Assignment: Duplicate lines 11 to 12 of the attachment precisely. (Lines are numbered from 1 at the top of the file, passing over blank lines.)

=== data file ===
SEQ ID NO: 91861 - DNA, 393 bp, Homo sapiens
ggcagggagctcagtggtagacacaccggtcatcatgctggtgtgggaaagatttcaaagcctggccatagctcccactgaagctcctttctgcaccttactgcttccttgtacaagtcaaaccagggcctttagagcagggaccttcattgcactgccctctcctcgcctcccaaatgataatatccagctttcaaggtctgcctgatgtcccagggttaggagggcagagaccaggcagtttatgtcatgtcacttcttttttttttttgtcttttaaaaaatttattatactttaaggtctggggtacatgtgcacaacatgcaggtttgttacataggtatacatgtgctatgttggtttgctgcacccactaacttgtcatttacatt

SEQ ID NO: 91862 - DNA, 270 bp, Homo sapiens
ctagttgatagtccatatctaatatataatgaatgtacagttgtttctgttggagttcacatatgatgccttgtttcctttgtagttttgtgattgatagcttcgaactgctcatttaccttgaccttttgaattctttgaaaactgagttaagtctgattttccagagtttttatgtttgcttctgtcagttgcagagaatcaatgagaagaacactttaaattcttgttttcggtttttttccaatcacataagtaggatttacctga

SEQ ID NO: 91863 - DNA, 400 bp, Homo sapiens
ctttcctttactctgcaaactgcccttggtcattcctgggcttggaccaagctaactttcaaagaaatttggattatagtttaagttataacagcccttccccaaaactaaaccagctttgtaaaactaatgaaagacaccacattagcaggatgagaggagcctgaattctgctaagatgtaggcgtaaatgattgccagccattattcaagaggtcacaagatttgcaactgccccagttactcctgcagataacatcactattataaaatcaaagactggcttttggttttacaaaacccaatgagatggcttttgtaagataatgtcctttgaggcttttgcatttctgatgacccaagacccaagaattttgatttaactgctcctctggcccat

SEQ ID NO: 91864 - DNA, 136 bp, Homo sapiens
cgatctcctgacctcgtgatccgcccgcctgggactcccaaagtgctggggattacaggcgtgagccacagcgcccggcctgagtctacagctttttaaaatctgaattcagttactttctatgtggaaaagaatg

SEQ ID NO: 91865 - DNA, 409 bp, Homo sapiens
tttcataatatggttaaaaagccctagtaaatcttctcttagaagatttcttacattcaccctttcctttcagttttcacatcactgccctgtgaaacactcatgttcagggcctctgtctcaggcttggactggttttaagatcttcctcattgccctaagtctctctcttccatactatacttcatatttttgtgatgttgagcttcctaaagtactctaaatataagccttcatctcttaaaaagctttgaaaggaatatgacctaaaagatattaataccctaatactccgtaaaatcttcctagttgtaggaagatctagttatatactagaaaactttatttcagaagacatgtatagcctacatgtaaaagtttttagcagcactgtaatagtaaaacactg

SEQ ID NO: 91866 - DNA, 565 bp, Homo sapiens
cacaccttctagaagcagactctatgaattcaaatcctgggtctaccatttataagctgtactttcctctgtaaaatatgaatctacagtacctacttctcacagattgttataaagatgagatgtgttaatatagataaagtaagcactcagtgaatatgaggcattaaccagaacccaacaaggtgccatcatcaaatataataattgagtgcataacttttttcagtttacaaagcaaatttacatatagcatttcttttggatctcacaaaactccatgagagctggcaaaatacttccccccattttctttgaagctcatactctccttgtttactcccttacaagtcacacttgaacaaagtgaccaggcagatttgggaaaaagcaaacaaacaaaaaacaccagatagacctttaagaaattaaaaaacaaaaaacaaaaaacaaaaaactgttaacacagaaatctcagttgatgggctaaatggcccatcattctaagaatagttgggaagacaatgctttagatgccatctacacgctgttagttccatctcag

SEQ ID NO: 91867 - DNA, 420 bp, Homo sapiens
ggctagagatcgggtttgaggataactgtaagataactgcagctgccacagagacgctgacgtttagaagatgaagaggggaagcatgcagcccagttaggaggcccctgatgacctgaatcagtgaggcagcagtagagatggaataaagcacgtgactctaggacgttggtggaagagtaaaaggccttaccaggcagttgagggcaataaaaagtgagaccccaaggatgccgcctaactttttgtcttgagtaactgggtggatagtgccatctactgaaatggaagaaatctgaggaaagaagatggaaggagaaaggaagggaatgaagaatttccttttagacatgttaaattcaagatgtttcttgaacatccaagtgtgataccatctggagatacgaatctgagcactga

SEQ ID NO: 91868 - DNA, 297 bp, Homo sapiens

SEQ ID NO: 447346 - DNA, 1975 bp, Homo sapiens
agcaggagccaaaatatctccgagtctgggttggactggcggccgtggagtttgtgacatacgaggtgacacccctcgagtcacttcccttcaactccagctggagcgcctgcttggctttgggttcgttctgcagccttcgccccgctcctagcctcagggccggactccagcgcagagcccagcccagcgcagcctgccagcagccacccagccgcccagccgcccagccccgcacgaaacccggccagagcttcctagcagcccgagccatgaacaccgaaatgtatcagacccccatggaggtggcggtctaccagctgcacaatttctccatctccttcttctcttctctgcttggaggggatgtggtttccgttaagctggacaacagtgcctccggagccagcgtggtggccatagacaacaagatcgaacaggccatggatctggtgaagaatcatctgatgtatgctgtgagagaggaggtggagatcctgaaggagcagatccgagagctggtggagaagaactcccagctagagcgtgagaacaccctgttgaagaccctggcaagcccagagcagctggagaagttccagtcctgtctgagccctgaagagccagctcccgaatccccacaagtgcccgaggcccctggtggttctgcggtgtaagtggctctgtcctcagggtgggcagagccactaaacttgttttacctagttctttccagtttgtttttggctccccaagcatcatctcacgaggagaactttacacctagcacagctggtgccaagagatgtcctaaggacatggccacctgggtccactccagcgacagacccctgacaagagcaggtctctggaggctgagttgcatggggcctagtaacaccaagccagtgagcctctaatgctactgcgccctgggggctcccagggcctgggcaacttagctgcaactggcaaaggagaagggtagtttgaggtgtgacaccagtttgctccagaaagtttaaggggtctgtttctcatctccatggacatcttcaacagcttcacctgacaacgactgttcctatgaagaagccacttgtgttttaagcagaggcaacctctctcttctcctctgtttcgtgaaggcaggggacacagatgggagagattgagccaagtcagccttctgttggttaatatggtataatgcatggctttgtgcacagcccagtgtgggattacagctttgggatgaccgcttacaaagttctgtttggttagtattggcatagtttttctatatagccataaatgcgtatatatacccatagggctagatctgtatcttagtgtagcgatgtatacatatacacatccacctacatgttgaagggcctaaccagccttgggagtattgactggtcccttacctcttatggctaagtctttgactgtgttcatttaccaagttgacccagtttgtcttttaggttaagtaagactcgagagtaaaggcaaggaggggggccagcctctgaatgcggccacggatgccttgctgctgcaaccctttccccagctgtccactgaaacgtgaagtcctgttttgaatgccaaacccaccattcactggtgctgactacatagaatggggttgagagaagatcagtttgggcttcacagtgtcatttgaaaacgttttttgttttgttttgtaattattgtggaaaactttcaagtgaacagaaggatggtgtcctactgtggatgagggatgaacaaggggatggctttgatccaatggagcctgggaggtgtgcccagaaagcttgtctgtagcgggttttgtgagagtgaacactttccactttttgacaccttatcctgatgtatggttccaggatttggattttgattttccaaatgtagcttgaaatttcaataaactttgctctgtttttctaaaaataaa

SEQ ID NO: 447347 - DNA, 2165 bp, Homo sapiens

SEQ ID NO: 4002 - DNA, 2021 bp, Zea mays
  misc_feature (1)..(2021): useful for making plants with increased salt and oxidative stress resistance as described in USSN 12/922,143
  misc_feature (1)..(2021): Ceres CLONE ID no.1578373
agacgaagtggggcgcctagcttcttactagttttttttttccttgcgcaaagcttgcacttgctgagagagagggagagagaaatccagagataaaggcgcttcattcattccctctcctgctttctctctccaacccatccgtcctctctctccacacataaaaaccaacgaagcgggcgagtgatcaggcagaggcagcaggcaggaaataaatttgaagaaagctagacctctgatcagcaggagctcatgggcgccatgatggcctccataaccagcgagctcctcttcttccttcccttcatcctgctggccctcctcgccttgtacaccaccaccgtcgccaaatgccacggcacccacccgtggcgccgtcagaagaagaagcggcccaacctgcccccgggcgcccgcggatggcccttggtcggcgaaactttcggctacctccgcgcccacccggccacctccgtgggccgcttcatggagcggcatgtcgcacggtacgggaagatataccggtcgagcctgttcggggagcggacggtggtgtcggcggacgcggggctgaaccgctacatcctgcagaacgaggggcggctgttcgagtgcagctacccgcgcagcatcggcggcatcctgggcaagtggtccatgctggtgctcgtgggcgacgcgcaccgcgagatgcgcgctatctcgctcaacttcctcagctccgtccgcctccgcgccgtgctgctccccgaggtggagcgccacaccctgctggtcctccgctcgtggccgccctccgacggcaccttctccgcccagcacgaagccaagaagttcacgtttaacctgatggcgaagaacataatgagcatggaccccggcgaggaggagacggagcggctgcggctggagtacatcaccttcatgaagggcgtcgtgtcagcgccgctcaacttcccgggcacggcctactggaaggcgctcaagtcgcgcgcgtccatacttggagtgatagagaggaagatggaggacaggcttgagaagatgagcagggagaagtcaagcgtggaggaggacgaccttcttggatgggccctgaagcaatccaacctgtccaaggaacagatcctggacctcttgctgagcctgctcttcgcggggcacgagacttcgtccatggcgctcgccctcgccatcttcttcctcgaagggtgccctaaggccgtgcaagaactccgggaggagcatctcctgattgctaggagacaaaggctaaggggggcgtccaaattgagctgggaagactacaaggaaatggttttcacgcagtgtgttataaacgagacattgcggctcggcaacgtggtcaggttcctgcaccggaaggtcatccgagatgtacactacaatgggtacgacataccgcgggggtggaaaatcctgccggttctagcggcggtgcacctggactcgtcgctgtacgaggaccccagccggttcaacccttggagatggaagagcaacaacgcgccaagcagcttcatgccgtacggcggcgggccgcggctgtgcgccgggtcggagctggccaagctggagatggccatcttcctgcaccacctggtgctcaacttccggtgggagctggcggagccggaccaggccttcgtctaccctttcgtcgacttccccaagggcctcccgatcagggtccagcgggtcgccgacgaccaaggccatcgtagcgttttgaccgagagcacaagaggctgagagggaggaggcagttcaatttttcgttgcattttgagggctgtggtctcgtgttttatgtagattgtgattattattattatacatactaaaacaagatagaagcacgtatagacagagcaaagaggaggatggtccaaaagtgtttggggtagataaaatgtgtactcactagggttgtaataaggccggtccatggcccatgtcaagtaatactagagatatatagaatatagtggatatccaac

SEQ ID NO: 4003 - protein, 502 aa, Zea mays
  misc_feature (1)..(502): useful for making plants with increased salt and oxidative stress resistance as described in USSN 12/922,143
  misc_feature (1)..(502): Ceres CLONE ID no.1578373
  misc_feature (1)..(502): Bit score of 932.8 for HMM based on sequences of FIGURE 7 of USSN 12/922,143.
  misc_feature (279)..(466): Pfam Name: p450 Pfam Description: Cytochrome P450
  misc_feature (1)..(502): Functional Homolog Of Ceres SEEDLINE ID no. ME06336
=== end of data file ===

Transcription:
SEQ ID NO: 91866 - DNA, 565 bp, Homo sapiens
cacaccttctagaagcagactctatgaattcaaatcctgggtctaccatttataagctgtactttcctctgtaaaatatgaatctacagtacctacttctcacagattgttataaagatgagatgtgttaatatagataaagtaagcactcagtgaatatgaggcattaaccagaacccaacaaggtgccatcatcaaatataataattgagtgcataacttttttcagtttacaaagcaaatttacatatagcatttcttttggatctcacaaaactccatgagagctggcaaaatacttccccccattttctttgaagctcatactctccttgtttactcccttacaagtcacacttgaacaaagtgaccaggcagatttgggaaaaagcaaacaaacaaaaaacaccagatagacctttaagaaattaaaaaacaaaaaacaaaaaacaaaaaactgttaacacagaaatctcagttgatgggctaaatggcccatcattctaagaatagttgggaagacaatgctttagatgccatctacacgctgttagttccatctcag